Interesting that KDP advertising uses other authors to show your books. I know a few who are faking their own reviews on a large scale, so perhaps the exposure they get from their own fraud could benefit others who aren't scamming the reviews.
    If you think Amazon vs Giants is bad, do you think that Amazon vs Self-publishers would be better?

  8. #8
    practical experience, FTW Daffyjkl's Avatar
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    Thanks Arpeggio. How does splitting the paragraphs and using bullet points help sales? Forgive my ignorance. The photos I understand, I just have to find a decent one... there aren't many.

  9. #9
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    Quote Originally Posted by Daffyjkl View Post
    Thanks Arpeggio. How does splitting the paragraphs and using bullet points help sales? Forgive my ignorance. The photos I understand, I just have to find a decent one... there aren't many.
    A customers perspective can be quite different than what an author might think matters. Their attention span is very limited when you consider yours will be one of several different books they choose from, so you want to make your sales page as compelling as easy as you can. Splitting paragraphs is just one small part of the greater sum. Bullet points aren't necessary but look cool (and perhaps more suited to technical books) but definitely space your paras. Also italicize your GR review and bold the source i.e. GoodReads Reviewer
    If you think Amazon vs Giants is bad, do you think that Amazon vs Self-publishers would be better?

  10. #10
    practical experience, FTW WriterBN's Avatar
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    Quote Originally Posted by Arpeggio View Post

    <p>Ipsum lorem 1 Ipsum lorem 1 Ipsum lorem 1.</p>
    <p>Ipsum lorem 2 Ipsum lorem 2 Ipsum lorem 2.</p>

    will publically look like this:

    1 Ipsum lorem 1 Ipsum lorem 1 Ipsum lorem 1.

    2 Ipsum lorem 2 Ipsum lorem 2 Ipsum lorem 2.

    (<p> is for new paragraph </p> is for close paragraph)
    Paragraph codes won't get you numbers. If that's what you're after, you need an ordered list:

    Code:
    <ol>
    <li>First numbered list item.</li>
    <li>Second numbered list item.</li>
    </ol>

  11. #11
    practical experience, FTW Daffyjkl's Avatar
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    Right, thanks for the updates. Arpeggio, I'll take your points onboard and make the changes tomorrow. WriterBN, an ordered list, I don't understand, but I am sure is valid. Please explain how that works. Forgive my ignorance. Thanks again.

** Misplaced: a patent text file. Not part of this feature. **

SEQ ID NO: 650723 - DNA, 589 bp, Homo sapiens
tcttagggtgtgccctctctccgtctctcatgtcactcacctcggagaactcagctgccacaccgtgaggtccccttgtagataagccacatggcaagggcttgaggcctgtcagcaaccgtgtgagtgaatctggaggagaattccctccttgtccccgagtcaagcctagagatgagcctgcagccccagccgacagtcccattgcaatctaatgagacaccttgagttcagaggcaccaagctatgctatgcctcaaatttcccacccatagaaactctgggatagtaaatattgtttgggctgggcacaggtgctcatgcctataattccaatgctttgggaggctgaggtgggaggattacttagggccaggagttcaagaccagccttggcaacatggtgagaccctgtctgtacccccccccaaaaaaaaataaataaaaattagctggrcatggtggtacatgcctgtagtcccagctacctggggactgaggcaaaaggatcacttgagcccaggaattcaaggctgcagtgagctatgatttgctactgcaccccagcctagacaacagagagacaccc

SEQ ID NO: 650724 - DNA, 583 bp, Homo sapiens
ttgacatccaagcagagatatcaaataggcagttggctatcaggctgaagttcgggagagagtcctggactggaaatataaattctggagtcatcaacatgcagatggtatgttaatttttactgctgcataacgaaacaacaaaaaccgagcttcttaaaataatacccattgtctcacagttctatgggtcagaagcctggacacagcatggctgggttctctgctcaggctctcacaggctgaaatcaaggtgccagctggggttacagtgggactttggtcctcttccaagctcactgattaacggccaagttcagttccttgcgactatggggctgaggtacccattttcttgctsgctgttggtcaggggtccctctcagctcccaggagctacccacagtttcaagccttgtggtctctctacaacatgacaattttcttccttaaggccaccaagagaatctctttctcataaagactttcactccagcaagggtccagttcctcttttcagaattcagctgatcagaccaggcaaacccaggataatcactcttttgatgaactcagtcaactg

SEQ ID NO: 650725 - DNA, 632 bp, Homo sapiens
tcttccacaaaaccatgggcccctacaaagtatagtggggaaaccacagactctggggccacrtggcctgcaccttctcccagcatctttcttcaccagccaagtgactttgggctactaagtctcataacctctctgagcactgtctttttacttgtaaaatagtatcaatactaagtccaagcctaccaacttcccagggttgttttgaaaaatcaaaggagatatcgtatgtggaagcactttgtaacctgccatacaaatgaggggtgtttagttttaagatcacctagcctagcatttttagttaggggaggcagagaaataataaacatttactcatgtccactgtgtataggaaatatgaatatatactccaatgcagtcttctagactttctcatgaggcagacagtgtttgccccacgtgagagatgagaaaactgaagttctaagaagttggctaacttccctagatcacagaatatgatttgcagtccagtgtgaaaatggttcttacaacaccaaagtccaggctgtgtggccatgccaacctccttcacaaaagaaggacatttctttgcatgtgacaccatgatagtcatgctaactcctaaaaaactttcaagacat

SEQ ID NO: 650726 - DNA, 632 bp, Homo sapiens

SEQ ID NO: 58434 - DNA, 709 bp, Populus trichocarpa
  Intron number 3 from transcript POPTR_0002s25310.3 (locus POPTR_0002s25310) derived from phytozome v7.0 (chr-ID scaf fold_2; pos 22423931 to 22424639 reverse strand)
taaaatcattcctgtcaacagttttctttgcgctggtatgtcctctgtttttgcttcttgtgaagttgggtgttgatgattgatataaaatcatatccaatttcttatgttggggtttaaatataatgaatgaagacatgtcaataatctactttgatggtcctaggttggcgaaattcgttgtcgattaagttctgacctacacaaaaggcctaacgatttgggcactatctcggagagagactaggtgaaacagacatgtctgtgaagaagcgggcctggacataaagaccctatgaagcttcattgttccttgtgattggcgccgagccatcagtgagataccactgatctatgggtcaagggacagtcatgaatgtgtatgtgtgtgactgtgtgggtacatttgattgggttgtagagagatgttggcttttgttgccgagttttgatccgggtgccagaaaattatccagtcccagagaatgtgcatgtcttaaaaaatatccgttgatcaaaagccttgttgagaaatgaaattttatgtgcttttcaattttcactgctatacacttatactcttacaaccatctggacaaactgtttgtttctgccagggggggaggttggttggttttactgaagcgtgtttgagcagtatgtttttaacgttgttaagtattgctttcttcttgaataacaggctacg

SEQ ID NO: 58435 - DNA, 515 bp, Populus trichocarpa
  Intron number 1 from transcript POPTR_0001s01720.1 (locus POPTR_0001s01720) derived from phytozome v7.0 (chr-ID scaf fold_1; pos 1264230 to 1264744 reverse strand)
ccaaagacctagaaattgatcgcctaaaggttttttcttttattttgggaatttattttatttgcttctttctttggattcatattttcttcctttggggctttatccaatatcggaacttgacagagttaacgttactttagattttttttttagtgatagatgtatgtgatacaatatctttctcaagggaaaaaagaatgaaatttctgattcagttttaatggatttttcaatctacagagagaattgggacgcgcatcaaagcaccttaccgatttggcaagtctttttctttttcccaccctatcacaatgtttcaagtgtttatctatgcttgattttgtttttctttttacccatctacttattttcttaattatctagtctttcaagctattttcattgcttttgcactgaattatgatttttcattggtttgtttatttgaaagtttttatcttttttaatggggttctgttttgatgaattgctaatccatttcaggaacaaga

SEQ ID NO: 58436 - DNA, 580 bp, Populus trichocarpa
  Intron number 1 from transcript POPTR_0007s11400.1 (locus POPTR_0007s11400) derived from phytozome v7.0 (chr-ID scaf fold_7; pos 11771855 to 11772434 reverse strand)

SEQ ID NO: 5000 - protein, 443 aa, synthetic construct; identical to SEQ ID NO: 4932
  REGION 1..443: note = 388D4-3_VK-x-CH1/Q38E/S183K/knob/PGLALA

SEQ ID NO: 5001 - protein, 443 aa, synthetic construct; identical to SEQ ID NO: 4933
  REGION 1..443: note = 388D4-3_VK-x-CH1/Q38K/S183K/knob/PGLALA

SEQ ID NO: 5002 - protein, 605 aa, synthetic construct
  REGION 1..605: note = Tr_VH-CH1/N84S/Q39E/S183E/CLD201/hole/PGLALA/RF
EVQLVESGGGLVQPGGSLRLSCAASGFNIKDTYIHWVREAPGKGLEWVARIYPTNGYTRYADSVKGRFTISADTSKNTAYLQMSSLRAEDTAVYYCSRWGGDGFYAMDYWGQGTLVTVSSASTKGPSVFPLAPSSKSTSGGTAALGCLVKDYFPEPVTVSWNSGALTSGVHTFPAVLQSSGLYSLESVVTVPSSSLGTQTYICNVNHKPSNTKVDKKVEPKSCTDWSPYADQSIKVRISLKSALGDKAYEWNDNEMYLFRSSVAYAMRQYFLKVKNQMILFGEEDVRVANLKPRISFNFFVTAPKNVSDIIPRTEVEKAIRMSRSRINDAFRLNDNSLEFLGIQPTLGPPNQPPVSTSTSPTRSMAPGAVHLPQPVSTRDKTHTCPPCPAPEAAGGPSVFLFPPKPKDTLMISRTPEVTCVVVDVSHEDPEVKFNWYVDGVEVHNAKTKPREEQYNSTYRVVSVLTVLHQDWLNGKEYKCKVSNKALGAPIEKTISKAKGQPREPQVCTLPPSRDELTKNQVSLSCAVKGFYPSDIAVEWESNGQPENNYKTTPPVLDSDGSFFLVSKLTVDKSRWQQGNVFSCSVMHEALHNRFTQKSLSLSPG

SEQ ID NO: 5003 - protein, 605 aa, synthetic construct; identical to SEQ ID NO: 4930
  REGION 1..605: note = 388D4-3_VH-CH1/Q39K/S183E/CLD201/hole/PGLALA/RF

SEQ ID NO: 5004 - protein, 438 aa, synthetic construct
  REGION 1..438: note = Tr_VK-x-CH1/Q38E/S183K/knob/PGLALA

12. #12
    practical experience, FTW WriterBN's Avatar
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    Quote Originally Posted by Daffyjkl View Post
    WriterBN, an ordered list, I don't understand, but I am sure is valid. Please explain how that works. Forgive my ignorance. Thanks again.
    My reply was to Arpeggio's example of using paragraphs, which they showed incorrectly as being numbered. You don't need to use an ordered list if you don't want one, obviously. The only times I've used one is when listing the contents of a boxed set or a series bundle.

  13. #13
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    Quote Originally Posted by WriterBN View Post
    My reply was to Arpeggio's example of using paragraphs, which they showed incorrectly as being numbered. You don't need to use an ordered list if you don't want one, obviously. The only times I've used one is when listing the contents of a boxed set or a series bundle.
    Numbers 1 and 2 were used to distinguish parts of the same line to be split into paragraphs. Otherwise I wouldn't have repeated each number three times in each sentence. Perhaps I should have just started with this:

    Ipsum lorem Ipsum lorem Ipsum lorem. Ipsum lorem Ipsum lorem Ipsum lorem.
    If you think Amazon vs Giants is bad, do you think that Amazon vs Self-publishers would be better?

  14. #14
    practical experience, FTW WriterBN's Avatar
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    Quote Originally Posted by Arpeggio View Post
    Numbers 1 and 2 were used to distinguish parts of the same line to be split into paragraphs.
    Ah, okay. It makes sense now. Carry on

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  16. #16
    practical experience, FTW WriterBN's Avatar
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    Quote Originally Posted by Daffyjkl View Post
    Ordered Lists? Is that a technical term? Thanks.
    It's HTML, which is why the tag is "<ol>".

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  18. #18
    practical experience, FTW WriterBN's Avatar
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    Quote Originally Posted by Daffyjkl View Post
    Ok, what does an ordered list mean/do? Thanks.
    It's the equivalent of a numbered list in any word processing app. A common example would be a list of steps that are followed in a certain order.

    Specifically, as it relates to book descriptions: I use an ordered list for a collection or boxed set, to list the titles in numerical order.

  19. #19
    Business Lumberjack
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    Quote Originally Posted by Daffyjkl View Post